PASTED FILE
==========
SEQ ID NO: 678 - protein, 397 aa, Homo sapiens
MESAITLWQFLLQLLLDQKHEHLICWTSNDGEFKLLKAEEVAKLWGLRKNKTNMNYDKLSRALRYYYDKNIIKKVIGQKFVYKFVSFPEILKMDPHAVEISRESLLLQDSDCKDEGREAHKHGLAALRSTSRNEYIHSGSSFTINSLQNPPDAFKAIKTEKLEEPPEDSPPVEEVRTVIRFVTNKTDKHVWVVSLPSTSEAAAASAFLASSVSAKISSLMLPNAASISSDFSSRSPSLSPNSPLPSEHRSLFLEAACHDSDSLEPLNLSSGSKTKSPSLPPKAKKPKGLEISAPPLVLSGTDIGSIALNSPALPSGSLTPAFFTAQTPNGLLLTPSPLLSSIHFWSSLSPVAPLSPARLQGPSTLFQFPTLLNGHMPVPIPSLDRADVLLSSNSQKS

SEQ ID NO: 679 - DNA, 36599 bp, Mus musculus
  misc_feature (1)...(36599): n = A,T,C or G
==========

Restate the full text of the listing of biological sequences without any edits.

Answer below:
SEQ ID NO: 678 - protein, 397 aa, Homo sapiens
MESAITLWQFLLQLLLDQKHEHLICWTSNDGEFKLLKAEEVAKLWGLRKNKTNMNYDKLSRALRYYYDKNIIKKVIGQKFVYKFVSFPEILKMDPHAVEISRESLLLQDSDCKDEGREAHKHGLAALRSTSRNEYIHSGSSFTINSLQNPPDAFKAIKTEKLEEPPEDSPPVEEVRTVIRFVTNKTDKHVWVVSLPSTSEAAAASAFLASSVSAKISSLMLPNAASISSDFSSRSPSLSPNSPLPSEHRSLFLEAACHDSDSLEPLNLSSGSKTKSPSLPPKAKKPKGLEISAPPLVLSGTDIGSIALNSPALPSGSLTPAFFTAQTPNGLLLTPSPLLSSIHFWSSLSPVAPLSPARLQGPSTLFQFPTLLNGHMPVPIPSLDRADVLLSSNSQKS

SEQ ID NO: 679 - DNA, 36599 bp, Mus musculus
  misc_feature (1)...(36599): n = A,T,C or G